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September 30, 2013

HOWEY: Obamacare, propaganda and statesmanship

NASHVILLE —There's a well-worn saying in politics that “elections have consequences.”

In 2008, Barack Obama was elected president. In 2010, eight months after the Affordable Care Act was passed into law and signed by President Obama, Republicans took back the House. They had a shot at winning a Senate majority, except that Tea Party Republicans in Delaware, Nevada and Colorado nominated kooky candidates who lost races in which the GOP had been overwhelming favorites.

The “rubber match” occurred in 2012. Not only did President Obama win reelection despite a tepid economy, but the Democratic Senate majority actually increased to 55-45 after another wave of Tea Party Republicans — including Indiana's Richard Mourdock, Todd Akin in Missouri and another safe Republican Senate seat in Maine — went into the Democratic column. U.S. Sens. Dick Lugar and Olympia Snowe were shoved aside or forced out.

If Republicans had nominated candidates with the right “temperament,” instead of sidelining incumbents and candiates who weren't ideologically pure enough, the U.S. Senate could have been 51-49 right now and Obamacare might truly be on the ropes.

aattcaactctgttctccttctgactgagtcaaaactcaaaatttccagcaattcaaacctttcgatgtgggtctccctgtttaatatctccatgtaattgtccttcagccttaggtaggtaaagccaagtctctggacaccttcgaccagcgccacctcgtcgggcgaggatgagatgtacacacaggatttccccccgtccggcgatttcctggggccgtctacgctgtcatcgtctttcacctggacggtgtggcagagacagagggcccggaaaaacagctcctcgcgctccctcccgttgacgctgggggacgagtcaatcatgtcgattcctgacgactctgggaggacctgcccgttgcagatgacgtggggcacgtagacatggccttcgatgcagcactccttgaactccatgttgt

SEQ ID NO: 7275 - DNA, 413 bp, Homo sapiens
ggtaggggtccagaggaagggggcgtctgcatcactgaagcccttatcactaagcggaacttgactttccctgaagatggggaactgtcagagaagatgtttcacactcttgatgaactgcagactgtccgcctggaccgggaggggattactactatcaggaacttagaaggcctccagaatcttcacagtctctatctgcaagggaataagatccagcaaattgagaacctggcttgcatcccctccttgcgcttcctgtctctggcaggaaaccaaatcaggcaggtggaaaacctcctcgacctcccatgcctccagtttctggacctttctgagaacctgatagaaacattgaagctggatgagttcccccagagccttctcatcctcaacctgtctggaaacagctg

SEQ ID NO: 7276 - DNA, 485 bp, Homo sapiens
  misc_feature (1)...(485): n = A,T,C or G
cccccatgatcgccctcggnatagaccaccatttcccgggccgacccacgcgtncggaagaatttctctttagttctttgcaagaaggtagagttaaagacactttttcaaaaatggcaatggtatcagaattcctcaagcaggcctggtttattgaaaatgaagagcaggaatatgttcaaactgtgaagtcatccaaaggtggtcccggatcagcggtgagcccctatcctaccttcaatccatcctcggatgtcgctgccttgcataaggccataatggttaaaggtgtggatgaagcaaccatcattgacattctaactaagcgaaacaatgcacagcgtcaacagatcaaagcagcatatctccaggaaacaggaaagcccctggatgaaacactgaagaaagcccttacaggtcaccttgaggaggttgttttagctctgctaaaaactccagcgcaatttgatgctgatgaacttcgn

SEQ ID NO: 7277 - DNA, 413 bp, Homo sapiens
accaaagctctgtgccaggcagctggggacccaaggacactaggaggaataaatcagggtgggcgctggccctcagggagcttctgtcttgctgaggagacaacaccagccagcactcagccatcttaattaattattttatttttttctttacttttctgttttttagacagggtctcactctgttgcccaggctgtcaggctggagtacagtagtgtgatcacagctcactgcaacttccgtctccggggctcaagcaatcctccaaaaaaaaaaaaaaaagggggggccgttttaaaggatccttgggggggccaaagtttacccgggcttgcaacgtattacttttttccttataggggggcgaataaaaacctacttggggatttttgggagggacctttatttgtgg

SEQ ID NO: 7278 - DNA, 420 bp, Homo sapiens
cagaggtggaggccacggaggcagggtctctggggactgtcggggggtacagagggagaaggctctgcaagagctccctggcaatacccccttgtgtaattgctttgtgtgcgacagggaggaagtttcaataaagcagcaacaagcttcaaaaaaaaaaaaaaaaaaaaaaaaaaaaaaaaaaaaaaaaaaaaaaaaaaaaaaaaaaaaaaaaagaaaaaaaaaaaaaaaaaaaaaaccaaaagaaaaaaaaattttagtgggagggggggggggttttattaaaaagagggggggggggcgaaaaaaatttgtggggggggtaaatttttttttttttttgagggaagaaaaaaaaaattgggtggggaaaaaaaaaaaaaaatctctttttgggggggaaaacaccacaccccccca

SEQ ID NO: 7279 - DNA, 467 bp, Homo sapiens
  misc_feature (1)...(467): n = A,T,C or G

What we're seeing in Indiana and nationally is a Republican Party that doesn't recognize it lost the crucial rubber match. 

After the 2011 redistricting, hundreds of U.S. House seats were drawn that created safe redoubts for Republican congressmen and women. These districts are whiter than America, more conservative than America and with this creation, these Members have little fear of losing a November election.

What they do sweat is being “primaried.” U.S. Rep. Larry Bucshon has been targeted by the Club For Growth (just as Sen. Lugar was two years ago), and there are potential primary challenges facing freshmen U.S. Reps. Jackie Walorski and Susan Brooks because Tea Party factions don't deem them conservative enough.

Thus, Indiana has gone from sending “statesmen” to Washington and out into the world, to creating “primary candidates” who are using their offices to fend off party fratricide in May.

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